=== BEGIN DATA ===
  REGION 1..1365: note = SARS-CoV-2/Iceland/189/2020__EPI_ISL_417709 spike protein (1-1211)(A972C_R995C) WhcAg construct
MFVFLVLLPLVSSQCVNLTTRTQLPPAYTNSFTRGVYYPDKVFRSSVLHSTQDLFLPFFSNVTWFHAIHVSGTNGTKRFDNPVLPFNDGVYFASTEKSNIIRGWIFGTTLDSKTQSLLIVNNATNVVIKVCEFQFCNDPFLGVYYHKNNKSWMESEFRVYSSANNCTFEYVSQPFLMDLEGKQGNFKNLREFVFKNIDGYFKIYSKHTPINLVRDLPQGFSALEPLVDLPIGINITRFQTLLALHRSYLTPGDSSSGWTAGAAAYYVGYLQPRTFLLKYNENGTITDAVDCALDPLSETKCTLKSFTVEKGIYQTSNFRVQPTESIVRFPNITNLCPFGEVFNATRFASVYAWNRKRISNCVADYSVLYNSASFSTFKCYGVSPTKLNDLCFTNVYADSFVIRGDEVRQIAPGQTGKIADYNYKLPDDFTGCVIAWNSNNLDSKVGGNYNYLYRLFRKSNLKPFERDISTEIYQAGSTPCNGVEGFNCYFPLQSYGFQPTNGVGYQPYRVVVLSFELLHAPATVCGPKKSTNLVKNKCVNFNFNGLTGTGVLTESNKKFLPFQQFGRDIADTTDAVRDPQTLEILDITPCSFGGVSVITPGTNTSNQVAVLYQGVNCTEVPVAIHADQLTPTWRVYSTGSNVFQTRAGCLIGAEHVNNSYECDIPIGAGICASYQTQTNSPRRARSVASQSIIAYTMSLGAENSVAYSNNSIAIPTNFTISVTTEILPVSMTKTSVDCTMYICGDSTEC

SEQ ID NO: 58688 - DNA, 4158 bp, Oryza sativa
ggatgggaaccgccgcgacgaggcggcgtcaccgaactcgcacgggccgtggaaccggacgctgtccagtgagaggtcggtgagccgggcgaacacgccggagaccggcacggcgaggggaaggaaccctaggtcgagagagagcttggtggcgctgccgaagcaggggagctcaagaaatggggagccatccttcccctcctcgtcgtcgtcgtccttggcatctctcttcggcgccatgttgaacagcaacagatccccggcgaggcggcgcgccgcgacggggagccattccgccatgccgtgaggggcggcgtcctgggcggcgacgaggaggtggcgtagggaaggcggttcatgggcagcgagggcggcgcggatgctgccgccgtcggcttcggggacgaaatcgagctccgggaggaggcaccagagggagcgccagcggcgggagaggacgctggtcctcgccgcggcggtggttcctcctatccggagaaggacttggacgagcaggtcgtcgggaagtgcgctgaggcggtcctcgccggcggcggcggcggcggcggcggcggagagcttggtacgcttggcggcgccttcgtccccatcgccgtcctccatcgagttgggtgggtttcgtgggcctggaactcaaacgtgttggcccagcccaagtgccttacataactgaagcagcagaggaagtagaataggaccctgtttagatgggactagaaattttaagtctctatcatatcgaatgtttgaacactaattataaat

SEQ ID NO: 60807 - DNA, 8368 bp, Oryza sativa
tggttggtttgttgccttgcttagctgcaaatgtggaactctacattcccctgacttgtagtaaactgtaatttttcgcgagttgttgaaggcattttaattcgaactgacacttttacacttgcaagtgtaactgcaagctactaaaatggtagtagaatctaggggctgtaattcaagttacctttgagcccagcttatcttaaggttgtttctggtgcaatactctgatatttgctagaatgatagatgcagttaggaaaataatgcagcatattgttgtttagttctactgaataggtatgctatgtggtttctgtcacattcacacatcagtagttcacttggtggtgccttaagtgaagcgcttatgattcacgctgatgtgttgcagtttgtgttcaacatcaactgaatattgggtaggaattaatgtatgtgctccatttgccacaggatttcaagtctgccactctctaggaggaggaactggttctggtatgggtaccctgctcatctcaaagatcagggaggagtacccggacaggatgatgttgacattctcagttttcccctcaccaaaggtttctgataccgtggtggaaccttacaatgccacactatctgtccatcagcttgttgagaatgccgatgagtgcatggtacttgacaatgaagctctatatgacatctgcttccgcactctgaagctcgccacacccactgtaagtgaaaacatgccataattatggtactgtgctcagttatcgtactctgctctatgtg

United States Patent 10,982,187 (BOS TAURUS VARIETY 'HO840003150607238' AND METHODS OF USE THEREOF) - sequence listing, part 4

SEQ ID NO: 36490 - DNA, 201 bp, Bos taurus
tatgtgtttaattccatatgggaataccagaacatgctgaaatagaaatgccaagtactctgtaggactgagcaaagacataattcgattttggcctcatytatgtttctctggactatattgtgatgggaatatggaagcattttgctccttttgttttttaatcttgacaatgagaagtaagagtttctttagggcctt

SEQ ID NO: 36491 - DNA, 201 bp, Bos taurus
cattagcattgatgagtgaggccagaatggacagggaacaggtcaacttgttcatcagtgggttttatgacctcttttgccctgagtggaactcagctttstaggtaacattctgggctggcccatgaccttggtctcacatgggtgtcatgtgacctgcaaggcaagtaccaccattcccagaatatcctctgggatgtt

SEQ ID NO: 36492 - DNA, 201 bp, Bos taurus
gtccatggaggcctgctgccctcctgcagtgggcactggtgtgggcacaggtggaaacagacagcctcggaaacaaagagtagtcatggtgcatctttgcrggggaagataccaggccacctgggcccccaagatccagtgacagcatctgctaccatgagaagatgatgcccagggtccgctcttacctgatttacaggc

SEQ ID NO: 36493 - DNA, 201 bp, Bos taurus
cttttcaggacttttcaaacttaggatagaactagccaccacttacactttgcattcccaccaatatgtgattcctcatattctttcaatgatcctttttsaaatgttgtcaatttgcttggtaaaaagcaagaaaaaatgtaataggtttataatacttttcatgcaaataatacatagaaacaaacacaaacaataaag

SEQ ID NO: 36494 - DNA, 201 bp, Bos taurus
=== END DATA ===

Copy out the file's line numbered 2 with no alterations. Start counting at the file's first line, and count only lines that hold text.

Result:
MFVFLVLLPLVSSQCVNLTTRTQLPPAYTNSFTRGVYYPDKVFRSSVLHSTQDLFLPFFSNVTWFHAIHVSGTNGTKRFDNPVLPFNDGVYFASTEKSNIIRGWIFGTTLDSKTQSLLIVNNATNVVIKVCEFQFCNDPFLGVYYHKNNKSWMESEFRVYSSANNCTFEYVSQPFLMDLEGKQGNFKNLREFVFKNIDGYFKIYSKHTPINLVRDLPQGFSALEPLVDLPIGINITRFQTLLALHRSYLTPGDSSSGWTAGAAAYYVGYLQPRTFLLKYNENGTITDAVDCALDPLSETKCTLKSFTVEKGIYQTSNFRVQPTESIVRFPNITNLCPFGEVFNATRFASVYAWNRKRISNCVADYSVLYNSASFSTFKCYGVSPTKLNDLCFTNVYADSFVIRGDEVRQIAPGQTGKIADYNYKLPDDFTGCVIAWNSNNLDSKVGGNYNYLYRLFRKSNLKPFERDISTEIYQAGSTPCNGVEGFNCYFPLQSYGFQPTNGVGYQPYRVVVLSFELLHAPATVCGPKKSTNLVKNKCVNFNFNGLTGTGVLTESNKKFLPFQQFGRDIADTTDAVRDPQTLEILDITPCSFGGVSVITPGTNTSNQVAVLYQGVNCTEVPVAIHADQLTPTWRVYSTGSNVFQTRAGCLIGAEHVNNSYECDIPIGAGICASYQTQTNSPRRARSVASQSIIAYTMSLGAENSVAYSNNSIAIPTNFTISVTTEILPVSMTKTSVDCTMYICGDSTEC